(Updated, Nov. 19 at 5 p.m.) What makes cheerleading squads of the country’s biggest universities work so hard choreographing and rehearsing routines all year long? You could say it’s about school spirit and pride, pursuit for excellence in the sport and that prize money.
Except this year, that last item should be a much smaller factor.
The yearly UAAP Cheerdance Competition is one of the most high-profile dancing matches around, dangling the biggest cash prizes for the sport.
Last year’s grand champions, the Adamson Pep Squad, took home P340,000 in cash besides sponsor-given goodies. First runner-up University of Santo Tomas Salinggawi Dance Troupe got P200,000 in 2017, while the University of the East Pep Squad bagged P140,000 for ranking third.
For 2018, however, talented university cheerleaders will compete over a much reduced set of cash prizes:
Students, alumni and fans of the universities usually express support for their squads on social media and, well,
trash talk attempt to intimidate rival teams with memes and observations.
As expected, the smaller prizes for the winners did not escape their attention. Here are some of their hilarious theories on why this happened:
The country’s record-breaking inflation rate in recent months may have affected the organizers’ capacity to come up with amounts equal or higher than last year’s.
Grabe talaga inflation no, pati prize ng #UAAPCDC2018 natamaan
— isaiah (@isaiahforfree) November 17, 2018
— ™ (@kataydall) November 17, 2018
2. Typographical error
Whoever typed the amounts may have left out the zeroes.
Baka naman typo or kulang ng zero hahahaha
— Karen Gaton (@kdgaton) November 17, 2018
— eliza seniego (@elixxx) November 17, 2018
3. Lack of donors
This is a much more reasonable theory. The much awaited cheering tiff may have lost big-time funders who could have boosted the cash prizes.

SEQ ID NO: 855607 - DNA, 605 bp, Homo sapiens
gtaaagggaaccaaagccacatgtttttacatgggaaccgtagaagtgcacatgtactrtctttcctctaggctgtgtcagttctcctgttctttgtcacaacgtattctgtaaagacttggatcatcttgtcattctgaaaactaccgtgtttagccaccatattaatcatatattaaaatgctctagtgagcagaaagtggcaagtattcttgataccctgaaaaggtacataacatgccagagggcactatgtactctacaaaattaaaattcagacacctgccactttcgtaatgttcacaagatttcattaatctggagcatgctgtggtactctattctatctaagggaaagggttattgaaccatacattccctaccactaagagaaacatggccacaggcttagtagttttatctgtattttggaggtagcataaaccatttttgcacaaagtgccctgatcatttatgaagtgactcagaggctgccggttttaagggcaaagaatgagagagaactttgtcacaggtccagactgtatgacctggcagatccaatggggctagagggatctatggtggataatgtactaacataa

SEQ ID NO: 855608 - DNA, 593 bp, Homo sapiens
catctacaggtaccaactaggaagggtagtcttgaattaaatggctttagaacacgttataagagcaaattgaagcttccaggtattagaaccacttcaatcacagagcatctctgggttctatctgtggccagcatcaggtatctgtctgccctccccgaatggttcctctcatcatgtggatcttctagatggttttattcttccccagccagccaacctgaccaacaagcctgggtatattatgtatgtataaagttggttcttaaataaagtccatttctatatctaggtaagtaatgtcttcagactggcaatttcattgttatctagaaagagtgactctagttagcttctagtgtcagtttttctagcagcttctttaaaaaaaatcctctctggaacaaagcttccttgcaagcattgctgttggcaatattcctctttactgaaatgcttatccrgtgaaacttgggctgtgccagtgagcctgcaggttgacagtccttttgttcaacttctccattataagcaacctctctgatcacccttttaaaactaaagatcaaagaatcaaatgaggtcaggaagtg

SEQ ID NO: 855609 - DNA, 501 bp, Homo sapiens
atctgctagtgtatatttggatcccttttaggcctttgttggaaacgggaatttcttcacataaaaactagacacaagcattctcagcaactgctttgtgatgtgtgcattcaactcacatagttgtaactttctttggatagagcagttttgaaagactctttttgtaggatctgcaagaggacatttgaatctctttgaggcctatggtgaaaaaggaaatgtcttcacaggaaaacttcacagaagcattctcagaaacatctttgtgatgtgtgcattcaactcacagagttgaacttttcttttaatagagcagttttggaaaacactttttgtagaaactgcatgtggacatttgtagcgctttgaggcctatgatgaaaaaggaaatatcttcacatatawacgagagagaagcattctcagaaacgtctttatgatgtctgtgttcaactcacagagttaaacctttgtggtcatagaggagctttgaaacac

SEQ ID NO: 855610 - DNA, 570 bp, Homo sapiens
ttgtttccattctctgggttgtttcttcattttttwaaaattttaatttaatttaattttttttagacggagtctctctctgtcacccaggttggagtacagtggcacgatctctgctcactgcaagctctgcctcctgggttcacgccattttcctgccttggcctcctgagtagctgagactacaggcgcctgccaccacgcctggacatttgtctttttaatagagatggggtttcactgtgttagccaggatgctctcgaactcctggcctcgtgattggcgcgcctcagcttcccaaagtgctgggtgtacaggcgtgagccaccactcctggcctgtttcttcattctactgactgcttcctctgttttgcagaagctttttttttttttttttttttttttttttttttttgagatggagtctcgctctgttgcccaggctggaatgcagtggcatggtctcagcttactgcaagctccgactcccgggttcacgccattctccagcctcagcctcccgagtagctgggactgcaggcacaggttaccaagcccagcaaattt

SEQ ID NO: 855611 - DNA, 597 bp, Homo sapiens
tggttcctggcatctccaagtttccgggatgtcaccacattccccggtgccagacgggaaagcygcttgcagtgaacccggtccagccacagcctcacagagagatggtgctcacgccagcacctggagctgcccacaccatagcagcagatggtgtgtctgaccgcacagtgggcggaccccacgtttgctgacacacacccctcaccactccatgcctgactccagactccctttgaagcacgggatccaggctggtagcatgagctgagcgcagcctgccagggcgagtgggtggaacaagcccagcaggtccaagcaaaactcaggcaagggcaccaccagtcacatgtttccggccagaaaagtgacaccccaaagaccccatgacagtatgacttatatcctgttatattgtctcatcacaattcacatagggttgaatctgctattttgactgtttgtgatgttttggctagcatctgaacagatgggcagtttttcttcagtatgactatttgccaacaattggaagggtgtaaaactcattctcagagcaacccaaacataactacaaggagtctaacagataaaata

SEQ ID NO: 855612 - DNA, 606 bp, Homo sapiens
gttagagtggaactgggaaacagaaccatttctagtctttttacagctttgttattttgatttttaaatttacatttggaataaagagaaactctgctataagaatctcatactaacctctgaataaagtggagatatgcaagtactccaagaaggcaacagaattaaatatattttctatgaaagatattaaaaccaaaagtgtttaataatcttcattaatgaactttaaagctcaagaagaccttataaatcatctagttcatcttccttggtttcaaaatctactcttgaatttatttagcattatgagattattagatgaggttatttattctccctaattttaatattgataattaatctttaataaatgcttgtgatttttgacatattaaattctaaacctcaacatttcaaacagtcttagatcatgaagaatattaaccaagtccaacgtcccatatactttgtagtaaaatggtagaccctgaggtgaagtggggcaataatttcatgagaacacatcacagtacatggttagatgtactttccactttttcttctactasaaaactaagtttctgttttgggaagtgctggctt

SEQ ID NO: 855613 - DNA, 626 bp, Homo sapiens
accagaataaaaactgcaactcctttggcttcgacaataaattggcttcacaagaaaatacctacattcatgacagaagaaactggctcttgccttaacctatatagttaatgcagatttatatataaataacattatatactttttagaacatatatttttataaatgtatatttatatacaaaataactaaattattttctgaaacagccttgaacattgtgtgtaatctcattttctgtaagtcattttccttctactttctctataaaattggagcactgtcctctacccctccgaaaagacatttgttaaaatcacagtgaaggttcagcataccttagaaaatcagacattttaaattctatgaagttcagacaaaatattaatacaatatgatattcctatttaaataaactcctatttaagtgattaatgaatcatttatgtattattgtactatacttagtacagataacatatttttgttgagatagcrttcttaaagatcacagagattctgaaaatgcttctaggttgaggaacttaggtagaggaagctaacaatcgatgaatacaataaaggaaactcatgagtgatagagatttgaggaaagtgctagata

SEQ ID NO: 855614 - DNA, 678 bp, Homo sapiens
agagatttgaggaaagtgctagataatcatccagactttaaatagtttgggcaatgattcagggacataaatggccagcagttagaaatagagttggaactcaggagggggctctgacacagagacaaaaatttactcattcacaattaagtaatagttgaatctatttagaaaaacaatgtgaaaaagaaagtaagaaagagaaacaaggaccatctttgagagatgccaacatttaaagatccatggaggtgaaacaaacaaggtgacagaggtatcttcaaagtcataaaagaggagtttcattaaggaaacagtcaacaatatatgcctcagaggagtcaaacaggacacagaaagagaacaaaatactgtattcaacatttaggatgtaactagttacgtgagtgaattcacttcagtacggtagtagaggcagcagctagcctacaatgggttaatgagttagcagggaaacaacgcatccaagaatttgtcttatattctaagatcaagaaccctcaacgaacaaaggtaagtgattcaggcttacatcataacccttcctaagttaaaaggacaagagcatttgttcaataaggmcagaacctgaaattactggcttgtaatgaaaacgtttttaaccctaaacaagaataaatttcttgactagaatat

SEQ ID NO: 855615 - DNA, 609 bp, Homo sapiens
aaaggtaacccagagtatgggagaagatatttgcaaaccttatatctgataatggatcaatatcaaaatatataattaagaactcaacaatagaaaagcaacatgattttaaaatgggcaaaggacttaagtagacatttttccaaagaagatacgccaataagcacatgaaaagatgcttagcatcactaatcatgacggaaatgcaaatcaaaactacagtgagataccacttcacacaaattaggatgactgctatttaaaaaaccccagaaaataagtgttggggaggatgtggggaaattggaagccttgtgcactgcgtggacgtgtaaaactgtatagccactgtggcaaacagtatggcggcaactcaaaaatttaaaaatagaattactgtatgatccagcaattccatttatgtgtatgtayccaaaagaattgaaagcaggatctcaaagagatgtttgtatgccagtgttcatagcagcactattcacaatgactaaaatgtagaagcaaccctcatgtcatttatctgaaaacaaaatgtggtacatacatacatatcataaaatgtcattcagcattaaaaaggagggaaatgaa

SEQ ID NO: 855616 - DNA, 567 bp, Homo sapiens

Hindi manlang ba nag donate si Henry Sy pandagdag sa prize? 😂😂😂😂 #UAAPCDC2018
— raena nepomuceno (@RaenaPatricia) November 17, 2018
The theories were not just limited to why the cash prizes have seen a contraction this year. Viewers also jokingly attributed perceived shortcomings of the performers to the smaller prizes.
Breaking news: De La Salle U will no longer join CDC 2019. They’ve decided to co-sponsor the event instead. Dagdagan daw nila cash prize. #UAAPCDC2018
— Cleve Arguelles (@CleveArguelles) November 17, 2018
(Note: De La Salle University’s pep squad did join the competition.)
Panu gaganahan ang la salle, eh mas mataas pa tuition nila kesa dun sa grand prize. XD #UAAPCDC2018
— Al Fawaris (@alfawarisph) November 17, 2018
— Joseph Cataan (@JosephCataan) November 17, 2018
Pride over prize
Many of the fans pointed out that the squads’ preparation, props and outfits could have cost them more than the potential cash prize.
But whatever the reason was for the prize cuts, the contestants could put value in representing their schools and inspiring a sense of pride and support for their teams.
wala na sa cash prize yan !! Pride na ang usapan dito !! #UAAPCDC2018
— ConCon❗ (@JayyyElll) November 17, 2018
UAAP exec gives an answer
Rebo Saguisag, executive director of the University Athletic Association of the Philippines, addressed the questions about the smaller cheerdance content prize.
In a statement over the weekend, Saguisag explained that a bulk of the funds that would have comprised the prizes for the main competition had already been distributed among the eight cheer squads prior to the big day:
“On substantive grounds, the Cheerdance Grant is supposedly for the benefit of the cheerdance programs of ALL member-universities. A bigger chunk is now distributed among the 8 member schools instead of focusing on the top 3 finishers.”
“It is likewise a move more consistent with the mission of the UAAP to promote amateur sports among the students of the member universities where primary motivation is the pursuit of school pride instead of monetary gain.
“It is a reminder that in the UAAP, you do not always have to finish first, in order to WIN.”